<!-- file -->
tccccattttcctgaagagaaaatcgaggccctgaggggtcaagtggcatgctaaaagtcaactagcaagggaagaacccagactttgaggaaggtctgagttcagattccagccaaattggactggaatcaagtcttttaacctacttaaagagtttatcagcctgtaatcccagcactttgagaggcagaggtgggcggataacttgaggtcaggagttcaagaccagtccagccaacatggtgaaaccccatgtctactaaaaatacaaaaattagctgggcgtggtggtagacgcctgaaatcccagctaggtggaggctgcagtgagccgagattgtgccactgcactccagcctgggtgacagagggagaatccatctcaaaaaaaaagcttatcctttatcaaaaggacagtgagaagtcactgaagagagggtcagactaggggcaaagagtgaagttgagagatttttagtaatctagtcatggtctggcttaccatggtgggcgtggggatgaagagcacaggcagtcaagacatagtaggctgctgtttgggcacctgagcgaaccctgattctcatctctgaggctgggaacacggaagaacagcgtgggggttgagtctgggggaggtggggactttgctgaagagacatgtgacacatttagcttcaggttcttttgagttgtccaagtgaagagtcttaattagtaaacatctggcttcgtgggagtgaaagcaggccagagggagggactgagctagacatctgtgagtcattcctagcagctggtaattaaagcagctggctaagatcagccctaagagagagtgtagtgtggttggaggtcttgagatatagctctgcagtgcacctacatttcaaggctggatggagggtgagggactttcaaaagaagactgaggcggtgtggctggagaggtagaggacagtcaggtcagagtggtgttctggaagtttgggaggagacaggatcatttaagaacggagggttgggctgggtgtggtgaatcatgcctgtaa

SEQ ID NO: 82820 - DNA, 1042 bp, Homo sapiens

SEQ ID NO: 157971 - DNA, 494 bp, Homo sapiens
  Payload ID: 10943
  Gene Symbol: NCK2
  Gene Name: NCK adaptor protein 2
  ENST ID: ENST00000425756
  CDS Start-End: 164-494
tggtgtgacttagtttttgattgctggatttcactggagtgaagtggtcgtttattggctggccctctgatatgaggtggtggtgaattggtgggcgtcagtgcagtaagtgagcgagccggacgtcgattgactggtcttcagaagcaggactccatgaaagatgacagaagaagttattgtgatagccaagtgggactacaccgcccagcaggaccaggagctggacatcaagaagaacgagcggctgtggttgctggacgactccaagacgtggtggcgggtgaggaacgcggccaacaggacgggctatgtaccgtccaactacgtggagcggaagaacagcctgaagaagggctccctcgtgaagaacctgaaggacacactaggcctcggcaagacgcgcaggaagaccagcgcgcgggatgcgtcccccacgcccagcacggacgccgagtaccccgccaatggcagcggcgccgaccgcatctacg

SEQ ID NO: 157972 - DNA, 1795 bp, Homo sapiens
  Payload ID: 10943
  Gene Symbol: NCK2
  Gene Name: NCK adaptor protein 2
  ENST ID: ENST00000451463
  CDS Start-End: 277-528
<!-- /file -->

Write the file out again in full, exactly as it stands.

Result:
tccccattttcctgaagagaaaatcgaggccctgaggggtcaagtggcatgctaaaagtcaactagcaagggaagaacccagactttgaggaaggtctgagttcagattccagccaaattggactggaatcaagtcttttaacctacttaaagagtttatcagcctgtaatcccagcactttgagaggcagaggtgggcggataacttgaggtcaggagttcaagaccagtccagccaacatggtgaaaccccatgtctactaaaaatacaaaaattagctgggcgtggtggtagacgcctgaaatcccagctaggtggaggctgcagtgagccgagattgtgccactgcactccagcctgggtgacagagggagaatccatctcaaaaaaaaagcttatcctttatcaaaaggacagtgagaagtcactgaagagagggtcagactaggggcaaagagtgaagttgagagatttttagtaatctagtcatggtctggcttaccatggtgggcgtggggatgaagagcacaggcagtcaagacatagtaggctgctgtttgggcacctgagcgaaccctgattctcatctctgaggctgggaacacggaagaacagcgtgggggttgagtctgggggaggtggggactttgctgaagagacatgtgacacatttagcttcaggttcttttgagttgtccaagtgaagagtcttaattagtaaacatctggcttcgtgggagtgaaagcaggccagagggagggactgagctagacatctgtgagtcattcctagcagctggtaattaaagcagctggctaagatcagccctaagagagagtgtagtgtggttggaggtcttgagatatagctctgcagtgcacctacatttcaaggctggatggagggtgagggactttcaaaagaagactgaggcggtgtggctggagaggtagaggacagtcaggtcagagtggtgttctggaagtttgggaggagacaggatcatttaagaacggagggttgggctgggtgtggtgaatcatgcctgtaa

SEQ ID NO: 82820 - DNA, 1042 bp, Homo sapiens

SEQ ID NO: 157971 - DNA, 494 bp, Homo sapiens
  Payload ID: 10943
  Gene Symbol: NCK2
  Gene Name: NCK adaptor protein 2
  ENST ID: ENST00000425756
  CDS Start-End: 164-494
tggtgtgacttagtttttgattgctggatttcactggagtgaagtggtcgtttattggctggccctctgatatgaggtggtggtgaattggtgggcgtcagtgcagtaagtgagcgagccggacgtcgattgactggtcttcagaagcaggactccatgaaagatgacagaagaagttattgtgatagccaagtgggactacaccgcccagcaggaccaggagctggacatcaagaagaacgagcggctgtggttgctggacgactccaagacgtggtggcgggtgaggaacgcggccaacaggacgggctatgtaccgtccaactacgtggagcggaagaacagcctgaagaagggctccctcgtgaagaacctgaaggacacactaggcctcggcaagacgcgcaggaagaccagcgcgcgggatgcgtcccccacgcccagcacggacgccgagtaccccgccaatggcagcggcgccgaccgcatctacg

SEQ ID NO: 157972 - DNA, 1795 bp, Homo sapiens
  Payload ID: 10943
  Gene Symbol: NCK2
  Gene Name: NCK adaptor protein 2
  ENST ID: ENST00000451463
  CDS Start-End: 277-528